Beacon Falls, Bethany looking to share trooper

BEACON FALLS — Officials in Beacon Falls and Bethany are working together on a plan to share a resident state trooper.

The two towns participate in the resident state trooper program. Under the program, Connecticut State Police provide at least one trooper for towns to oversee police operations. State police also provide services, such as dispatch and booking, for towns in the program. For Beacon Falls and Bethany, the services are provided at Troop I in Bethany. Towns in the program still have their own officers that work for the municipalities.

Over recent years, the cost of program for towns has increased, as the state shifts more of the expense onto the towns. For Beacon Falls, the program is estimated to cost about $197,000 in the 2019-20 fiscal year.

The state allows contiguous towns to share a resident state trooper, granted they get approval from the state Department of Emergency Services & Public Protection. In 2014, Roxbury and Bridgewater became the first two towns to share a resident state trooper to save money, according to Republican-American archives.

Officials in Beacon Falls and Bethany met with DESPP officials last week, DESPP spokesman Scott Devico said. The next step, he said, is to craft a memorandum of understanding.

“We all have to be in agreement that this is feasible and we can make it work on all sides,” Devico said.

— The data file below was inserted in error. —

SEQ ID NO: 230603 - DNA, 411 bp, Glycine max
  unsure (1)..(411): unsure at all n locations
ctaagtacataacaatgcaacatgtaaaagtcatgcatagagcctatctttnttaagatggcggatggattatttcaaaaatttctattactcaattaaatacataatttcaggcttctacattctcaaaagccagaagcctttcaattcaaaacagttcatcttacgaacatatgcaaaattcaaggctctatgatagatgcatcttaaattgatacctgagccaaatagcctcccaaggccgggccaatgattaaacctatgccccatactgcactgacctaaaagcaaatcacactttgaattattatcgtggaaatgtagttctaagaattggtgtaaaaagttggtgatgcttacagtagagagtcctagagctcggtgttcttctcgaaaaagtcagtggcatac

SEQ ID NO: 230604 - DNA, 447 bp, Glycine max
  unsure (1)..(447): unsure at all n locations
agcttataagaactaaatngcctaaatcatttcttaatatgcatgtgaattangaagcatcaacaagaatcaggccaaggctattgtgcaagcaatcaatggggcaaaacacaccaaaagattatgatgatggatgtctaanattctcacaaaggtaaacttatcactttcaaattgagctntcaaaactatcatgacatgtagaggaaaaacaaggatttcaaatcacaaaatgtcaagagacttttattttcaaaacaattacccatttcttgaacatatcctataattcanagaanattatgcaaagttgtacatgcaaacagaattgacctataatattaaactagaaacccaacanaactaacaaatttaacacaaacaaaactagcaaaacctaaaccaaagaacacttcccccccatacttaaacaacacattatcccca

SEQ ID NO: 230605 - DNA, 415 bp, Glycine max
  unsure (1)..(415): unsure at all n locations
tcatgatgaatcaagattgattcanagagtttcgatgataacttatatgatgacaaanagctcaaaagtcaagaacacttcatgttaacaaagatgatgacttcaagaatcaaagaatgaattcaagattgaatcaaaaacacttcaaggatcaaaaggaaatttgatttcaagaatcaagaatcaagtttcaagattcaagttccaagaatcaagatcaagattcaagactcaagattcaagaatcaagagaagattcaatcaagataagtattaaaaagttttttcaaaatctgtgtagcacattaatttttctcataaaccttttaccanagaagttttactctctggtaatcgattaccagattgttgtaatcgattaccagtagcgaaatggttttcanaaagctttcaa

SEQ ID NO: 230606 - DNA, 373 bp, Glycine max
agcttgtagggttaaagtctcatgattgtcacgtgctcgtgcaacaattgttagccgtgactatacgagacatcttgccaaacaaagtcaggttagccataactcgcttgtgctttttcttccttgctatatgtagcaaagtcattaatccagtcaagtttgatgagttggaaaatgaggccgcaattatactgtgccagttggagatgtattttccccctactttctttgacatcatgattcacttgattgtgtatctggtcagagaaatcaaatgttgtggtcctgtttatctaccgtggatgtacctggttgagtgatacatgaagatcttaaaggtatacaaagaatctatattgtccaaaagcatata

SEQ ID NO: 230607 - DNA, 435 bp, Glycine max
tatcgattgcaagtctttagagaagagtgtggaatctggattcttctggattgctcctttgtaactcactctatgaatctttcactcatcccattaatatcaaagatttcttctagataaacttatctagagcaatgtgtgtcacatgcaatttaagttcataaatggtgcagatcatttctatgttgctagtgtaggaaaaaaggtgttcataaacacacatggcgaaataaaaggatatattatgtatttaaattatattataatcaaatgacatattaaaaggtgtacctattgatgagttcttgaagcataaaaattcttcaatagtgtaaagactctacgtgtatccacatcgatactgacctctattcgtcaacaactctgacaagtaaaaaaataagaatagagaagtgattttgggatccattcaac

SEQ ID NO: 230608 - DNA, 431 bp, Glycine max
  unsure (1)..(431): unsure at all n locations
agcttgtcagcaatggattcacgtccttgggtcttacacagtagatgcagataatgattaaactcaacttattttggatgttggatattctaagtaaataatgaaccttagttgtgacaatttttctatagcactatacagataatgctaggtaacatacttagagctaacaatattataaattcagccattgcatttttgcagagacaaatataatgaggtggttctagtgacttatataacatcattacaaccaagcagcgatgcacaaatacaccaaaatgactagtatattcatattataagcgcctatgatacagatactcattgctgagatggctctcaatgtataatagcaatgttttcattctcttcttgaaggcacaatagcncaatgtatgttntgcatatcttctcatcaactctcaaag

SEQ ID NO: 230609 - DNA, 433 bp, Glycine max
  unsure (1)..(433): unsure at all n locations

There is no timeline as to when an agreement will be reached.

“There’s a lot of steps to go through, but that’s an option we are considering,” said Bethany First Selectman Derrylyn Gorski about sharing a resident state trooper.

Gorski didn’t want to discuss the details of the proposal since they are still under negotiations.

Beacon Falls Christopher Bielik, who discussed the plan during a budget workshop April 22, expected the state will support the towns’ request.

Sharing a resident state trooper would cut Beacon Falls’ cost of the program basically in half to $100,000, based on budget estimates, since the resident state trooper would split time between the two towns.

Bielik said the town would still receive the same level of dispatch and booking services provided by Troop I.

Although the cost of the resident state trooper program would go down, overall police spending is projected to increase about $34,000 to $675,381, under the department’s budget proposal.

The increase comes from, in part, an additional 20 hours per week for part-time patrol officers and an additional five hours per week for the administrative lieutenant position to cover when the resident state trooper would be in Bethany.

For all intents and purposes, Bielik said, there’s going to be no difference in the number of officers patrolling the town.

“Just the color of the uniform is going to be different now,” he said.

The overall increase also comes from the town under budgeting for part-time patrol officers this fiscal year, officials said. According to information provided at the workshop, the town budgeted $98,000 for part-time patrol officers this fiscal year but spent $117,334 through March 31. The 2019-20 budget proposal includes $189,684 for part-time patrol officers, which would make up for the shortage, and cover the additional hours and a 2.5 percent raise for officers.

The Board of Finance continued with its budget workshops this week. Once the finance board adopts a budget it will go to the Board of Selectmen for approval to send to a hearing and a vote.